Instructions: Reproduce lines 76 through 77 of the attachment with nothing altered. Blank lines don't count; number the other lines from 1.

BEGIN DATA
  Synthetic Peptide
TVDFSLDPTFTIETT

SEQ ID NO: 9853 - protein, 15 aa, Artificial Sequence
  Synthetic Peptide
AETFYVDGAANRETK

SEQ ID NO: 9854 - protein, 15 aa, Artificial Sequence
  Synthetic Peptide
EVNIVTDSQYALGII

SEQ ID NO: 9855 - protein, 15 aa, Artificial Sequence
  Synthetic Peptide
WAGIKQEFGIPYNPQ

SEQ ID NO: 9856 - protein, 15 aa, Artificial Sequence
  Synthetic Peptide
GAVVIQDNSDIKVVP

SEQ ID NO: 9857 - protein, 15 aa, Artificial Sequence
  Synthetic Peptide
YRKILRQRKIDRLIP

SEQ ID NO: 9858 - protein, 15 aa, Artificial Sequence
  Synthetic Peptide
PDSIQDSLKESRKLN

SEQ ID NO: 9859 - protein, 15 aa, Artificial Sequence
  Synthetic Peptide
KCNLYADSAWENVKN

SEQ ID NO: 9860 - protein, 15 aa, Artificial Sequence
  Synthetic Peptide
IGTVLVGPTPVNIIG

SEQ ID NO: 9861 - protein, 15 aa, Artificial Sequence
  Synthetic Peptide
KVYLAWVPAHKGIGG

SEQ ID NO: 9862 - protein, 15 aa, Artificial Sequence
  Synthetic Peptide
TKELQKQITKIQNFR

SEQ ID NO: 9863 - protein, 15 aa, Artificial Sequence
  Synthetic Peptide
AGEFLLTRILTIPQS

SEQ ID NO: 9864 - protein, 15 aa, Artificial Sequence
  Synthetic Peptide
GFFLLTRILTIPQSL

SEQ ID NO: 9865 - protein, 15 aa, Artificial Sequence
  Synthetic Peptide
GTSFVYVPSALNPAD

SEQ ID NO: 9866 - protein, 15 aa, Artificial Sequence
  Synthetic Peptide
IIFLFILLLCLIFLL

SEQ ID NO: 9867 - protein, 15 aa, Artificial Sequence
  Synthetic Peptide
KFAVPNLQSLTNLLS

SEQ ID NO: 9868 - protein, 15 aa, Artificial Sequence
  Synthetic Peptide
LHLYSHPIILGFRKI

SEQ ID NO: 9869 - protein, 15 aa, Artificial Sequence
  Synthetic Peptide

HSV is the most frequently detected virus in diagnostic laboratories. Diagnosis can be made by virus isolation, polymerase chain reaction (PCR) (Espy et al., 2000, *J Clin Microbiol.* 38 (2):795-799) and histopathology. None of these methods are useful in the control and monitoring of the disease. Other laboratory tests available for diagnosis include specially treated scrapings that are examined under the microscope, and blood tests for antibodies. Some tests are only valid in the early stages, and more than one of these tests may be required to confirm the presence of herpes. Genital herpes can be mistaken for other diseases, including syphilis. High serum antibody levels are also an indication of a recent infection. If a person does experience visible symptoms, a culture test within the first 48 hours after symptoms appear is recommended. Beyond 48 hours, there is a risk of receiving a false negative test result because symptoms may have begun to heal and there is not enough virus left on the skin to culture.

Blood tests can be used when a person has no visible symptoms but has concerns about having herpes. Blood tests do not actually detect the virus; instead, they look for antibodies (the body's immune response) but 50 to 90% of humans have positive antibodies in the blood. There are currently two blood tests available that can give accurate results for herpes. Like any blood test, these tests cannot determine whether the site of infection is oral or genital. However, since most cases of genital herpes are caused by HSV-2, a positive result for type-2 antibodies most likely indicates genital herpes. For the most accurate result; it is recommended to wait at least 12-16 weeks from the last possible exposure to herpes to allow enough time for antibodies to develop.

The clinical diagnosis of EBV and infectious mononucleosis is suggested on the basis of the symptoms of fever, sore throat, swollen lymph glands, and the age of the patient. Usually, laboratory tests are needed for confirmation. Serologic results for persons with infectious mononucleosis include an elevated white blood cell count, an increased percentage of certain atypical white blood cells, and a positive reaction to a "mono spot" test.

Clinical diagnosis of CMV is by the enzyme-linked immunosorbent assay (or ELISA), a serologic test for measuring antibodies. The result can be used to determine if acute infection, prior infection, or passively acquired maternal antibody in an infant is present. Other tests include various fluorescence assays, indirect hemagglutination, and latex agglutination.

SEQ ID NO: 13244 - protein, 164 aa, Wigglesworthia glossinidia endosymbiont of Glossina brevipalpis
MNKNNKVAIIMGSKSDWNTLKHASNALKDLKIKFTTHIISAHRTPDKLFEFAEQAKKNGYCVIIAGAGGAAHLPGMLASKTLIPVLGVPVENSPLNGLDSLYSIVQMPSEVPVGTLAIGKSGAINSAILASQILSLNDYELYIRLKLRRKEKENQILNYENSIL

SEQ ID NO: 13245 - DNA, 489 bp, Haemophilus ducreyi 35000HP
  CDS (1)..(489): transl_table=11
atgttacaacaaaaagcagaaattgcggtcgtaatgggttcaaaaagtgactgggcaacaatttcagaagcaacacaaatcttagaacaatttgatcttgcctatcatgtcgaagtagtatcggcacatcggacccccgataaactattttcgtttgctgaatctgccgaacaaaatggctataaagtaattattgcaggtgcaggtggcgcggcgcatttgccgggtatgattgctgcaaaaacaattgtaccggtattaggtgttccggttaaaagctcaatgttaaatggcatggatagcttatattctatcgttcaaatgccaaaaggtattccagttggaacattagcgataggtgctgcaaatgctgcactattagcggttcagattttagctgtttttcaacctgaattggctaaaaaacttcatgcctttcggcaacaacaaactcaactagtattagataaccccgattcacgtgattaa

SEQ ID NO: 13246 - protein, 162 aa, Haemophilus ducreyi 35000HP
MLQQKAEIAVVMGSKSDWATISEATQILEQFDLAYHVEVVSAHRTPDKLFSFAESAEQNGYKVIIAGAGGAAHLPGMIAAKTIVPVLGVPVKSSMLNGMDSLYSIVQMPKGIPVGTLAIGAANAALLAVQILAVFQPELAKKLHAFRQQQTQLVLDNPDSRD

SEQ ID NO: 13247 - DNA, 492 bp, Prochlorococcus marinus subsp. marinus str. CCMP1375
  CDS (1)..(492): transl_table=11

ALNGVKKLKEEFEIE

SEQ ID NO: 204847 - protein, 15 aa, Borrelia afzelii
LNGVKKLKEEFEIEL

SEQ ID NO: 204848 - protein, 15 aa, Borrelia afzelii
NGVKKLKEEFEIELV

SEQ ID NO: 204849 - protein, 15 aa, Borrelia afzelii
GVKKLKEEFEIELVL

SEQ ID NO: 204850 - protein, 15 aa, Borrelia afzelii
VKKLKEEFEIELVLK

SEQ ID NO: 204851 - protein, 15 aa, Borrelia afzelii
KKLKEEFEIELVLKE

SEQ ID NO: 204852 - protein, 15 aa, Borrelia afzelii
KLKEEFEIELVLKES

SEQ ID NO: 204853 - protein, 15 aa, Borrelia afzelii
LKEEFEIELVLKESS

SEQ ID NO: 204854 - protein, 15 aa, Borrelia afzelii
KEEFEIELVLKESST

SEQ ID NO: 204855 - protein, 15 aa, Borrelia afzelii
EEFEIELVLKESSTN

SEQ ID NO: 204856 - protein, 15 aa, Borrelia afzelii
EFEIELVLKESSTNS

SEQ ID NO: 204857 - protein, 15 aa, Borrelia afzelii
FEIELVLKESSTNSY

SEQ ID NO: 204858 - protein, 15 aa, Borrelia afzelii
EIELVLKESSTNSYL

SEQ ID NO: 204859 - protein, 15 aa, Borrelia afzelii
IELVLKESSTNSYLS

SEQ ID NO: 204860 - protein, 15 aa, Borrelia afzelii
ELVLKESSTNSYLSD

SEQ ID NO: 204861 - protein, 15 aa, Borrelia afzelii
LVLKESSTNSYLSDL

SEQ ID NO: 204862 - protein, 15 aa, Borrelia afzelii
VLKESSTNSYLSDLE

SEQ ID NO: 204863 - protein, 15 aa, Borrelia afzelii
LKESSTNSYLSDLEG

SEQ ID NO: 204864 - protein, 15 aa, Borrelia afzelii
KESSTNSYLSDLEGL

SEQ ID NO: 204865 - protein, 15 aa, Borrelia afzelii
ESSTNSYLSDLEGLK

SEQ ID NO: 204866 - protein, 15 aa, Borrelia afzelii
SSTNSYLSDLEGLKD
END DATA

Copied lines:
KKLKEEFEIELVLKE

SEQ ID NO: 204852 - protein, 15 aa, Borrelia afzelii